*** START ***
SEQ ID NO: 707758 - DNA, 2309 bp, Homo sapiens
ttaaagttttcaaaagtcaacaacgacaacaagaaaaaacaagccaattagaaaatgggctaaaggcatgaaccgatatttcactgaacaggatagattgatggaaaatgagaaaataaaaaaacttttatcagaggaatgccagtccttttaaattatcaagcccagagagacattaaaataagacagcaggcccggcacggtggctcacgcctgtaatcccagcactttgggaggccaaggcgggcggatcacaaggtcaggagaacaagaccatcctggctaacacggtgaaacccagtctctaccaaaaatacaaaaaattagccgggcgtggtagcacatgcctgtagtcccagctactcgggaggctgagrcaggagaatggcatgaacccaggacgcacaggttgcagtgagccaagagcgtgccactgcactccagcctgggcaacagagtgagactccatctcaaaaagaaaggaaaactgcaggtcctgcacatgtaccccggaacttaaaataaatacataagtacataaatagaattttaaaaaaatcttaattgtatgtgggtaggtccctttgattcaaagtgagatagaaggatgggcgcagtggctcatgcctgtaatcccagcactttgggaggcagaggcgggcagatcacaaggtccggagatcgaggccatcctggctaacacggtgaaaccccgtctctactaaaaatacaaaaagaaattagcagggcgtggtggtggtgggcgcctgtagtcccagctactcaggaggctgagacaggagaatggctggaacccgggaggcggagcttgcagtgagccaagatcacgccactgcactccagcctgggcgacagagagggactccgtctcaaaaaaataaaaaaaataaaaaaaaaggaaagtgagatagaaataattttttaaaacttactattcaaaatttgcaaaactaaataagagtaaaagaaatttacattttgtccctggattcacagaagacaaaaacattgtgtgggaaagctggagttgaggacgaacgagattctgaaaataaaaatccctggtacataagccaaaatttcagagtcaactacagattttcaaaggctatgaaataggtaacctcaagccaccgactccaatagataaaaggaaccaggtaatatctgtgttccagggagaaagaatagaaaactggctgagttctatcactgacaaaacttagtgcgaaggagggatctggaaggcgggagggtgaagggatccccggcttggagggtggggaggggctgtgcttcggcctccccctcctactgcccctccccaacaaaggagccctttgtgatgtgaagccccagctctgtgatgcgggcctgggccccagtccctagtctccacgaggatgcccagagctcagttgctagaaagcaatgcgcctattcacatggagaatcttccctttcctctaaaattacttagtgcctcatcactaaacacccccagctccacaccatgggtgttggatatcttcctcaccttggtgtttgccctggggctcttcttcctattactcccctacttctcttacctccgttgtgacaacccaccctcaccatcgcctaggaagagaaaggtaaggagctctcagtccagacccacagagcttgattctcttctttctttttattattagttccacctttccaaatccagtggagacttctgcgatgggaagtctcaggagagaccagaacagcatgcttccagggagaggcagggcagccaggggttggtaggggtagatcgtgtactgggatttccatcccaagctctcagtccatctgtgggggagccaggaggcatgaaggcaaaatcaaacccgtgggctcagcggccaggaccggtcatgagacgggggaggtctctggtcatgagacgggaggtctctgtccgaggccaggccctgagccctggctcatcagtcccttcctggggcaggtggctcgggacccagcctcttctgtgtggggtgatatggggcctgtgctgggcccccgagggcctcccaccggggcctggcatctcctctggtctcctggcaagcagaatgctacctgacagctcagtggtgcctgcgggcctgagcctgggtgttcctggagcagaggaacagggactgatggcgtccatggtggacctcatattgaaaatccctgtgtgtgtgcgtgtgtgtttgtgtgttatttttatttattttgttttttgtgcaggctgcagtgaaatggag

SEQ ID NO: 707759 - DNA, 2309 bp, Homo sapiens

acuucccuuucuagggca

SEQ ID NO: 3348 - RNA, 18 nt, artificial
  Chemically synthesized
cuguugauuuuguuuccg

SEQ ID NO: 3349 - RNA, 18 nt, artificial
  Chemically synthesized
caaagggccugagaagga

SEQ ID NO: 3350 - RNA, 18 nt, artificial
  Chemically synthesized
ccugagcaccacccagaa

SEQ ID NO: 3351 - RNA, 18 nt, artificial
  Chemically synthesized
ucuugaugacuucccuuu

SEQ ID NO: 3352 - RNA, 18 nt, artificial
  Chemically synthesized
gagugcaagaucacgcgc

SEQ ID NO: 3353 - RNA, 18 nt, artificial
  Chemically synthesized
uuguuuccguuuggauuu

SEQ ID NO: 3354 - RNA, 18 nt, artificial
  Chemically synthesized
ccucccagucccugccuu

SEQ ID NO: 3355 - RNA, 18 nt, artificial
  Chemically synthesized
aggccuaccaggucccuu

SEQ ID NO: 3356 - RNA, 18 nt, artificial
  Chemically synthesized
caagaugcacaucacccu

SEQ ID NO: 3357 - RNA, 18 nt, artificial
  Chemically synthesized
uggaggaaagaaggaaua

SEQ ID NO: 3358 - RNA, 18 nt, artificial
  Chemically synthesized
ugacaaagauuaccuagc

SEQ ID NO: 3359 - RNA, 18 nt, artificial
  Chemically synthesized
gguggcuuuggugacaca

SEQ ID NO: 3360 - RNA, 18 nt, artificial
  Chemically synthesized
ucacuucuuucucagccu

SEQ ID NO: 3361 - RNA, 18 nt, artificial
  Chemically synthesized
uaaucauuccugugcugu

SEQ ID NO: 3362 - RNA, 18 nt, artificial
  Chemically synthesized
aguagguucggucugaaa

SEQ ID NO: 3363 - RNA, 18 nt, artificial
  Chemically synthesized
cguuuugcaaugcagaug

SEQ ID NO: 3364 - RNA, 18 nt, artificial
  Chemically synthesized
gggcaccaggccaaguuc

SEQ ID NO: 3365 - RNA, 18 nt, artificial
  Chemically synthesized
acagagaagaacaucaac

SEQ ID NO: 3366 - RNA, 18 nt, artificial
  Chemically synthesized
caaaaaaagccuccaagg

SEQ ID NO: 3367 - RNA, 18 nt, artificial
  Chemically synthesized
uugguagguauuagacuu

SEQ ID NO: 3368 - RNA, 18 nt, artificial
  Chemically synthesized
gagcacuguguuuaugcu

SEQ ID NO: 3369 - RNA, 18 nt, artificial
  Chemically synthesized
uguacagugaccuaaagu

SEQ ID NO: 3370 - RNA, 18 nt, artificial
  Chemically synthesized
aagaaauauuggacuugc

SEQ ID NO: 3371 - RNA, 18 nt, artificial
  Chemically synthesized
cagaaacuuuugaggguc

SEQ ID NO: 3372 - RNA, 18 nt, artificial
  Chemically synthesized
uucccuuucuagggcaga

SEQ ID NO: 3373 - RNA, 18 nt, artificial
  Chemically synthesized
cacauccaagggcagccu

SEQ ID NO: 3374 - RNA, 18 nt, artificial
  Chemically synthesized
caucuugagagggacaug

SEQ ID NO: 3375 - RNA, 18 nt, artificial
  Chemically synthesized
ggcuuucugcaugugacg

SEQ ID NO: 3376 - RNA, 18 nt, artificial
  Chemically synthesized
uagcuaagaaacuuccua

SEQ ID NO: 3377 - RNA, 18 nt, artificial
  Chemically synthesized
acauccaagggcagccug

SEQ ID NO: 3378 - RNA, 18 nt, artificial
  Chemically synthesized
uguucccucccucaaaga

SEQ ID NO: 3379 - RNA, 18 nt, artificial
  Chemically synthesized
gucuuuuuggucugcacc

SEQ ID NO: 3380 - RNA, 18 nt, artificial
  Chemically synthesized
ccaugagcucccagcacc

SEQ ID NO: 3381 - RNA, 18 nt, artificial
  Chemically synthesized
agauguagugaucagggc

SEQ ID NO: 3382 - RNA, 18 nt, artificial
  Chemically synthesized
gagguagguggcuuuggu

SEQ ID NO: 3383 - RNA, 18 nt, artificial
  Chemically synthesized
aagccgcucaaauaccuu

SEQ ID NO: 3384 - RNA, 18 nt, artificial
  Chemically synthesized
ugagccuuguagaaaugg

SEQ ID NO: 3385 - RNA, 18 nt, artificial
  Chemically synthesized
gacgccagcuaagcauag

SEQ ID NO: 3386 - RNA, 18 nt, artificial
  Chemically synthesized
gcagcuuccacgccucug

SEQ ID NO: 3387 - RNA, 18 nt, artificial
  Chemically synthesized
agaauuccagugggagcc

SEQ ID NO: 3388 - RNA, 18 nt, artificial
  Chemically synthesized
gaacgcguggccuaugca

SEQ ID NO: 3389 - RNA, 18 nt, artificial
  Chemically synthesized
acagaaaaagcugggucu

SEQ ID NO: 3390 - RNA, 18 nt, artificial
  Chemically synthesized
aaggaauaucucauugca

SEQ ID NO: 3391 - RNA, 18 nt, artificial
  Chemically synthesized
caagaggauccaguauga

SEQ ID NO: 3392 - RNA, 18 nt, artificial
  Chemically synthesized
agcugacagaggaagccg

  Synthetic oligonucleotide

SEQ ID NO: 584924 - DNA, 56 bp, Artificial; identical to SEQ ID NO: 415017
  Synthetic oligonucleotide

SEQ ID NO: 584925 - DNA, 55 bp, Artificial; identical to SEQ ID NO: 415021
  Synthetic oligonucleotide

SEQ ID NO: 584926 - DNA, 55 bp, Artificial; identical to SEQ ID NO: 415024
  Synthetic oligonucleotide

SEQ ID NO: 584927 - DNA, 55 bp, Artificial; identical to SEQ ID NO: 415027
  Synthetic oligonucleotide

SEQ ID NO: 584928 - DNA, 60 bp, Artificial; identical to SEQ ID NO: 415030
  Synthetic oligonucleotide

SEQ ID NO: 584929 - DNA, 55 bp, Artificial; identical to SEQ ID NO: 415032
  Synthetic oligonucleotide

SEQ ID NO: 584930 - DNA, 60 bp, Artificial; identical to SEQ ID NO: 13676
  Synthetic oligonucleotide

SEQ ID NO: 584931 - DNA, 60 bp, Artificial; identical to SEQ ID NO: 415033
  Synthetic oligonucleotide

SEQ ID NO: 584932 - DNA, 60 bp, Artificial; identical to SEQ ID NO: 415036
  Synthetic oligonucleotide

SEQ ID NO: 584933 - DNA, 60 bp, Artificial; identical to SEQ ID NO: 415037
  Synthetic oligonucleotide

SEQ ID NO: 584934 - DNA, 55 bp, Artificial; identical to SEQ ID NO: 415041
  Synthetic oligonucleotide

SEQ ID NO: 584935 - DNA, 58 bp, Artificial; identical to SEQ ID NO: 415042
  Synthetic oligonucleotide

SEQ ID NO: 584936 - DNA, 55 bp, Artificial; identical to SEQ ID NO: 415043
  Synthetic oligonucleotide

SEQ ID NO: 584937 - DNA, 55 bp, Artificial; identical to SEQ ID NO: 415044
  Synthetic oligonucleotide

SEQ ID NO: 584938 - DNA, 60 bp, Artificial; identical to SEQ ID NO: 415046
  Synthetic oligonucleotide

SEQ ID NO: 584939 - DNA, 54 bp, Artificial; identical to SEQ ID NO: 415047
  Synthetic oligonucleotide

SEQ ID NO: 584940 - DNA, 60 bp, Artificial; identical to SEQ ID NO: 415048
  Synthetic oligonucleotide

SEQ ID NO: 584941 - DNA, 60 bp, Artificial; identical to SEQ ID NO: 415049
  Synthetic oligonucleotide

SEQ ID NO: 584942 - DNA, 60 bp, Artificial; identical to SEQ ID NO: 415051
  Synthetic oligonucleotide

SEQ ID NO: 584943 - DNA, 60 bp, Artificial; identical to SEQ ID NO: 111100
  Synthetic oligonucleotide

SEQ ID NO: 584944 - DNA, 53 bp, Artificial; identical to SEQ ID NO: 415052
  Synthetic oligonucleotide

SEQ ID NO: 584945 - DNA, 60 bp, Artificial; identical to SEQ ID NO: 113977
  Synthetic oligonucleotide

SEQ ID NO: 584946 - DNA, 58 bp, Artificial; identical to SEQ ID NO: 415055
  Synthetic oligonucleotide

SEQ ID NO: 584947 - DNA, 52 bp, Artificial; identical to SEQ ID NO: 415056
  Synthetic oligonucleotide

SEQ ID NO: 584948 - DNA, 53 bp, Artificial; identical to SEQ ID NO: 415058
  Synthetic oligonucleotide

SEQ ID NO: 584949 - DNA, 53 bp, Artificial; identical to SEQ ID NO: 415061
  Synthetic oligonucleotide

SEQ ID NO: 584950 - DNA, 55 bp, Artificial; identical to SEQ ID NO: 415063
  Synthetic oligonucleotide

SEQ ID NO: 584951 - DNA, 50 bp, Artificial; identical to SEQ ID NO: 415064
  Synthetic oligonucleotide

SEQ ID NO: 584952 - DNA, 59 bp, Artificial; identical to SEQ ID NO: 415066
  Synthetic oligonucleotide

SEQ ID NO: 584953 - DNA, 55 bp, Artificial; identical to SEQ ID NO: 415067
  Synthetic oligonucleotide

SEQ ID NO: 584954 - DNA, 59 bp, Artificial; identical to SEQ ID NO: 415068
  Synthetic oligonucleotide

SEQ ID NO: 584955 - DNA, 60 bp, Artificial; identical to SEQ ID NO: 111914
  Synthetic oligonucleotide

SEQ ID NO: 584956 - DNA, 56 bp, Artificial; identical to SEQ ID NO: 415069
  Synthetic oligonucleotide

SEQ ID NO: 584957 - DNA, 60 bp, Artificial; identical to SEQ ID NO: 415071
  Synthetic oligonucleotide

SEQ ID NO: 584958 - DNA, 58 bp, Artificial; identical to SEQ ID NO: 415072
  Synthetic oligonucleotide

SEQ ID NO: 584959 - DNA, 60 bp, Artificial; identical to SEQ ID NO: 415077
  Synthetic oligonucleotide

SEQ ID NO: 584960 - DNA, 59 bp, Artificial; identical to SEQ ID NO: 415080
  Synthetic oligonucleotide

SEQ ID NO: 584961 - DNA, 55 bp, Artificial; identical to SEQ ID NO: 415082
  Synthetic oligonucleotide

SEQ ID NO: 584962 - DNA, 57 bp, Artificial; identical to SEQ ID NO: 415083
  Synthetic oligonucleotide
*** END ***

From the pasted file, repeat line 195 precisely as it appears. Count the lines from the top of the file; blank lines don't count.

SEQ ID NO: 584951 - DNA, 50 bp, Artificial; identical to SEQ ID NO: 415064